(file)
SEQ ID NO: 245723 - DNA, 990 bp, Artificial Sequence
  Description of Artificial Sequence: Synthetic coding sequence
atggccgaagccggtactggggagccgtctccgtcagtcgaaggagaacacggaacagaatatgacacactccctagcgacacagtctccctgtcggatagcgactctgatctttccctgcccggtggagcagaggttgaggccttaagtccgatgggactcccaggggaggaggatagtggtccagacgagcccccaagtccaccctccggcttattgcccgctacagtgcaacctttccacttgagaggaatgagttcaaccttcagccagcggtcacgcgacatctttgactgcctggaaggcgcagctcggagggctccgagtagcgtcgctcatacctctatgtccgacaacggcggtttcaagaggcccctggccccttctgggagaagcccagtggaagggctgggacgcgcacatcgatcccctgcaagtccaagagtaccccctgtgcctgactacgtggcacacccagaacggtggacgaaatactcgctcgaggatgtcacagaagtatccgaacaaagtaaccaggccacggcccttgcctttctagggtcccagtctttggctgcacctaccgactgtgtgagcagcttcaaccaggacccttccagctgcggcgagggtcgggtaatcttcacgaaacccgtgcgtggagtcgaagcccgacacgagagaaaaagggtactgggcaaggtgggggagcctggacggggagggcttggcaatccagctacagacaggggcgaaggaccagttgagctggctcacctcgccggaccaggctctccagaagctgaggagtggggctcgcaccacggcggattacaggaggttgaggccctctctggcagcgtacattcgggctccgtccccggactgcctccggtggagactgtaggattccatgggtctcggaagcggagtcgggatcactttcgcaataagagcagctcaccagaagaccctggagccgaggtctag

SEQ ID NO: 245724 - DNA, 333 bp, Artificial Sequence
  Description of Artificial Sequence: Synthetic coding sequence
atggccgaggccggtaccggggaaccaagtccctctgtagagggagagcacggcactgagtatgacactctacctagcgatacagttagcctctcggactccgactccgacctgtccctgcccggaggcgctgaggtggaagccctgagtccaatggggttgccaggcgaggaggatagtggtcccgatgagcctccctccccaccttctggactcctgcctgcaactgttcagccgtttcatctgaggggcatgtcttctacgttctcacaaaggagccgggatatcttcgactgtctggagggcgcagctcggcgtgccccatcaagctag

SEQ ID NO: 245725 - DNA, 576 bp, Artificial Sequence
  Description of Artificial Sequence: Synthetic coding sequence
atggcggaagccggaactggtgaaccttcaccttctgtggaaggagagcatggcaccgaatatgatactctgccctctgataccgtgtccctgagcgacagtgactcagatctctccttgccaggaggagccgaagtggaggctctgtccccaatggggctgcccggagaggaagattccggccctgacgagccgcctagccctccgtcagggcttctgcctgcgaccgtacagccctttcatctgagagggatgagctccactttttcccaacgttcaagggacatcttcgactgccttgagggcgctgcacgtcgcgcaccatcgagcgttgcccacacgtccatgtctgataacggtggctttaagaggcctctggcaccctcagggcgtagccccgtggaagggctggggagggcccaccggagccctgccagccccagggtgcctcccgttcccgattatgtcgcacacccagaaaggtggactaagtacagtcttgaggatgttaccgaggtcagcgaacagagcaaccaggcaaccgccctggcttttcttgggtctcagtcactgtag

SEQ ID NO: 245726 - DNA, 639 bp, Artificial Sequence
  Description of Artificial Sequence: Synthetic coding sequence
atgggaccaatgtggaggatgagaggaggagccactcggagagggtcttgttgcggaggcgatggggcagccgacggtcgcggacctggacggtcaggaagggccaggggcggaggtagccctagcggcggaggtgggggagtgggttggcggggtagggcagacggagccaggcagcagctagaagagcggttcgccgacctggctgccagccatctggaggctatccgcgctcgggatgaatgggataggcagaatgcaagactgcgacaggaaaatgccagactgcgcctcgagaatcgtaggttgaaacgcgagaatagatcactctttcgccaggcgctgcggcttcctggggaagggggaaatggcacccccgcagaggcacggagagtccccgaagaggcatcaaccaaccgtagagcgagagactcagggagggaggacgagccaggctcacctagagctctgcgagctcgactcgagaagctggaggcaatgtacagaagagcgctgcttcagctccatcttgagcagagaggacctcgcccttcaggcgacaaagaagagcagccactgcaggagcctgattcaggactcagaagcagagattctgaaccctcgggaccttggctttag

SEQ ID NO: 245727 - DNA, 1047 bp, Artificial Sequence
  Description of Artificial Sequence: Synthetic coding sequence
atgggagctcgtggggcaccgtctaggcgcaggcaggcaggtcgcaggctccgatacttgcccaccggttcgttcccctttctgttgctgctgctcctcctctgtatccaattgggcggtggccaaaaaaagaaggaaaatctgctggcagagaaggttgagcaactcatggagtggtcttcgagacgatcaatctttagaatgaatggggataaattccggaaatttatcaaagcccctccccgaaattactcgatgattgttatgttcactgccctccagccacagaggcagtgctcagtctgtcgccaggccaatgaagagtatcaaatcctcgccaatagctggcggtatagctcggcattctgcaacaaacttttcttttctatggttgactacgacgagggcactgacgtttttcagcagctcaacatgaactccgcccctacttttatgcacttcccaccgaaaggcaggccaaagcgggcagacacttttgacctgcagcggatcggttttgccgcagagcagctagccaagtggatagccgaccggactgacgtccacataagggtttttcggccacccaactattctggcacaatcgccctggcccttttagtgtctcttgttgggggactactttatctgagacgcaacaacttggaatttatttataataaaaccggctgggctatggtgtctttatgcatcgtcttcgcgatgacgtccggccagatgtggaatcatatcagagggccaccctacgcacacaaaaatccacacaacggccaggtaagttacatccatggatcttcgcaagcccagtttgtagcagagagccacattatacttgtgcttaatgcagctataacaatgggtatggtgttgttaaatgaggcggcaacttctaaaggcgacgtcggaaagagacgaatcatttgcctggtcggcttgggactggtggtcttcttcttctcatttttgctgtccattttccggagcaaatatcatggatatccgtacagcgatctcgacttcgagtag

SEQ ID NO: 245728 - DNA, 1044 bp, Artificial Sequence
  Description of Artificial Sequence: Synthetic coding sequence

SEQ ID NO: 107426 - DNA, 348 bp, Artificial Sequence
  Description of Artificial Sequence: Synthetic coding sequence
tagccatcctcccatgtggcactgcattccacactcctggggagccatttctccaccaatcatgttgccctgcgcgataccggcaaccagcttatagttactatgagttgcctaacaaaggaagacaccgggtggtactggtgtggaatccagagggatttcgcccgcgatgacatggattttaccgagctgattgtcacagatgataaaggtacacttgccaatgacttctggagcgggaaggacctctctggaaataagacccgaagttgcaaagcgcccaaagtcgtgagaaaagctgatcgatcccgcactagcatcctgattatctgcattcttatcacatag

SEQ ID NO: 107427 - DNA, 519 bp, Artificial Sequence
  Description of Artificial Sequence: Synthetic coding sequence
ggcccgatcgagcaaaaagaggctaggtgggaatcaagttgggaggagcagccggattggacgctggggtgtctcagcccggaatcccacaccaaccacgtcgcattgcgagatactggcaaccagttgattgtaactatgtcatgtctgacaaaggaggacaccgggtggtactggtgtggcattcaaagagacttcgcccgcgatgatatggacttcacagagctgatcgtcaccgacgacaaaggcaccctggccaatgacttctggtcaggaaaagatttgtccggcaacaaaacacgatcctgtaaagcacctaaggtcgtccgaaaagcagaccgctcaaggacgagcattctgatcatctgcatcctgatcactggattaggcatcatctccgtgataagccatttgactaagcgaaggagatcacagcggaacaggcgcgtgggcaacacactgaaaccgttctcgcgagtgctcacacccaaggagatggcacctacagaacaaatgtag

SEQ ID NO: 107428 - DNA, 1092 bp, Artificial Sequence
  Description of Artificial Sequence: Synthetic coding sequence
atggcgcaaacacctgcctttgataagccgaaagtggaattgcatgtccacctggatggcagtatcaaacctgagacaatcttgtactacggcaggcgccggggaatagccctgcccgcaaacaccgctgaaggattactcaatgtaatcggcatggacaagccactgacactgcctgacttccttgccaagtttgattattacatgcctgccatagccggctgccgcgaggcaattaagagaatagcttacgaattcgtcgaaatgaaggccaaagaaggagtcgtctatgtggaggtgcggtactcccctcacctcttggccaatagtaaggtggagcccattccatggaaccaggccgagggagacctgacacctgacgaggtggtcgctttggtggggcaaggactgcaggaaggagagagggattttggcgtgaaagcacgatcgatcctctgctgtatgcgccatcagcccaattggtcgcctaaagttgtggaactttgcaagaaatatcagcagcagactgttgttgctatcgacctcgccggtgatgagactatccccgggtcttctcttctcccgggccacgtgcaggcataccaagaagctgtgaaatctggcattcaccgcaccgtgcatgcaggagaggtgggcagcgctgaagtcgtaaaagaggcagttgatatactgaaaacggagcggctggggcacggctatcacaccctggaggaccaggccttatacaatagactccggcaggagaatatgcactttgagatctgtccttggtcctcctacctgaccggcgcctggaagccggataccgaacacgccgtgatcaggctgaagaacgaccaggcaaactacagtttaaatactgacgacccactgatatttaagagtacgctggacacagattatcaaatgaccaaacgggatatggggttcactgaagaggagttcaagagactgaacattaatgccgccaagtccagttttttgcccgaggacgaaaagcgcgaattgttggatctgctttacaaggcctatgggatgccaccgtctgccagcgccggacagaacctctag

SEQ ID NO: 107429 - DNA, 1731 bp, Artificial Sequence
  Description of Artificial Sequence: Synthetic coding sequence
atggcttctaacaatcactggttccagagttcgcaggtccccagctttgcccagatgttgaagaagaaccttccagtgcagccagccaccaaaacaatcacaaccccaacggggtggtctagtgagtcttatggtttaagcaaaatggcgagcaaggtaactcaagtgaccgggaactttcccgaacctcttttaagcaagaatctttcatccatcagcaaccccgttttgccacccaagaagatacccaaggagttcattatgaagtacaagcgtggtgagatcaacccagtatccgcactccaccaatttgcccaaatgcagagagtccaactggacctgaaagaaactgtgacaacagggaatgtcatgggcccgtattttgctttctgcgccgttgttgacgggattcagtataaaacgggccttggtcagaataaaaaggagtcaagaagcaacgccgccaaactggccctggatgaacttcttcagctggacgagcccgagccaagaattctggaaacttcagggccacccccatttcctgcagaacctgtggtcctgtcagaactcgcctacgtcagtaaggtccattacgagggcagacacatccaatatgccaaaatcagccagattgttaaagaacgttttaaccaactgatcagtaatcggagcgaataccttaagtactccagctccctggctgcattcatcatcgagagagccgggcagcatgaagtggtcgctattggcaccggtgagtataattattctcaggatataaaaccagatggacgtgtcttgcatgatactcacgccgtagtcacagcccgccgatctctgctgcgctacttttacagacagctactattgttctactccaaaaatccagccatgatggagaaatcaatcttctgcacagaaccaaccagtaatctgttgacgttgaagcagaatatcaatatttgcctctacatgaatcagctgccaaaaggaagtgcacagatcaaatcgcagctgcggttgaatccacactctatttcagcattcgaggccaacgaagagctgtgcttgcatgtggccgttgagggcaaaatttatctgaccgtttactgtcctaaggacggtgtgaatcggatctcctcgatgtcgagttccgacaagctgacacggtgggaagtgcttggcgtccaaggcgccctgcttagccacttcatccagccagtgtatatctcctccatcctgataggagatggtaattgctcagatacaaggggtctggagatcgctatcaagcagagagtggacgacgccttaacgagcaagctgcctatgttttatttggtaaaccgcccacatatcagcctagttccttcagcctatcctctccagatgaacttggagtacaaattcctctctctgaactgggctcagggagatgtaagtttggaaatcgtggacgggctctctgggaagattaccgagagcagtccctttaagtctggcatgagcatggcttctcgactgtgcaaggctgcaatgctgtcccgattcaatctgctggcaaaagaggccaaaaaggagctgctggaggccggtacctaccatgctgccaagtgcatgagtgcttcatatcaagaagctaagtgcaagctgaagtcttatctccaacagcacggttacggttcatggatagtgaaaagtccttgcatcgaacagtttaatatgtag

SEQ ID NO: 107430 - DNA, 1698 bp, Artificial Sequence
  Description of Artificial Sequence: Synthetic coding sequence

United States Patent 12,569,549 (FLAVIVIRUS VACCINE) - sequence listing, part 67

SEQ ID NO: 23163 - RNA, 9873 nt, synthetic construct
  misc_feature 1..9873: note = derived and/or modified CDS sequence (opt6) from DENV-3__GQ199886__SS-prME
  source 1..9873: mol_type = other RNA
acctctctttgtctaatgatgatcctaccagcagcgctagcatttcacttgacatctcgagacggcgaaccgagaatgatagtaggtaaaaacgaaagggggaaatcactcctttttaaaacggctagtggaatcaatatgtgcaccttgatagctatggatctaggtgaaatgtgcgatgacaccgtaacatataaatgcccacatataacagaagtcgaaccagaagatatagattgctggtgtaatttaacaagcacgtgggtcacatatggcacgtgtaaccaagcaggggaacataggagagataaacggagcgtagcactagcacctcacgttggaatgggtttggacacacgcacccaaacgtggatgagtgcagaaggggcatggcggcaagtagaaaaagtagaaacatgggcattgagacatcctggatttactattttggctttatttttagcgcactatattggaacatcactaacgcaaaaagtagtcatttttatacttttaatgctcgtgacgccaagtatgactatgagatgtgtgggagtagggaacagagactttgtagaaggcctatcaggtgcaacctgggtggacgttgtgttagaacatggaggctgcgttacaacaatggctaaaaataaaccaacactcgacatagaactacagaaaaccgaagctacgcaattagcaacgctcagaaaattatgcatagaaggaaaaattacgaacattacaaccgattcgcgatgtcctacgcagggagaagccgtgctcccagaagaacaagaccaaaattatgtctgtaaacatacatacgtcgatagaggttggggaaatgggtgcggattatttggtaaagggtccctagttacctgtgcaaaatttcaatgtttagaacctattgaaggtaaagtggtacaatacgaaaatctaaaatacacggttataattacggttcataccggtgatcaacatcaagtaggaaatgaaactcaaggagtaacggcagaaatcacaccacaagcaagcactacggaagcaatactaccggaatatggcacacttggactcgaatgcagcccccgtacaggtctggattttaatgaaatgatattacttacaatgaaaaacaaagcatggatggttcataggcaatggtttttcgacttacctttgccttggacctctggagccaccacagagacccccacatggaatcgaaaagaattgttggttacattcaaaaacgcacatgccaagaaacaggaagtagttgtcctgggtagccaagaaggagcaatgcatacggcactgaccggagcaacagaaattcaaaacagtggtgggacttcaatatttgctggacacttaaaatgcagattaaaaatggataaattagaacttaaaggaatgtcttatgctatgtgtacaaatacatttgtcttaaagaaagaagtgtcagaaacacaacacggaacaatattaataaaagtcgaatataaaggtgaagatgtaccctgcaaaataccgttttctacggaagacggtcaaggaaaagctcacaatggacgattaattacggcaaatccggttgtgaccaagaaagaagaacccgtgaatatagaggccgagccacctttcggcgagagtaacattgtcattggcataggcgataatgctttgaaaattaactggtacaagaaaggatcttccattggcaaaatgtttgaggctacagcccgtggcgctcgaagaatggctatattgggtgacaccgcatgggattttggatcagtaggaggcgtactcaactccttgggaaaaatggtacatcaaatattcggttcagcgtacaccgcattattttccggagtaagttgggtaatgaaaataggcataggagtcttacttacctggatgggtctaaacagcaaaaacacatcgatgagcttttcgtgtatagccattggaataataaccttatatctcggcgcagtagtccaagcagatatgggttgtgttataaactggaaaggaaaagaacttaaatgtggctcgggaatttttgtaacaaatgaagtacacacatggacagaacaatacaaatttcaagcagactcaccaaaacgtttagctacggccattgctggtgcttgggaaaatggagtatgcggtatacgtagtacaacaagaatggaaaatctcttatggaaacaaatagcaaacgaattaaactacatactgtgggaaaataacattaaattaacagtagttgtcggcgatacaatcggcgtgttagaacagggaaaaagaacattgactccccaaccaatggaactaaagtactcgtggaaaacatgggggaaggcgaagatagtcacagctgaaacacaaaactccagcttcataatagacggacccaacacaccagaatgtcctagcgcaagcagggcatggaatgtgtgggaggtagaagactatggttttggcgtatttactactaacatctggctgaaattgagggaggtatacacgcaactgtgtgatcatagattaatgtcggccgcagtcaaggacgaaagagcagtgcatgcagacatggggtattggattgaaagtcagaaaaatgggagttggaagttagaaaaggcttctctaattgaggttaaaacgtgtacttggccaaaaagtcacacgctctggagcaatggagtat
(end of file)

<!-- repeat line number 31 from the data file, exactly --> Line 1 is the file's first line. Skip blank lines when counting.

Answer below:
  Description of Artificial Sequence: Synthetic coding sequence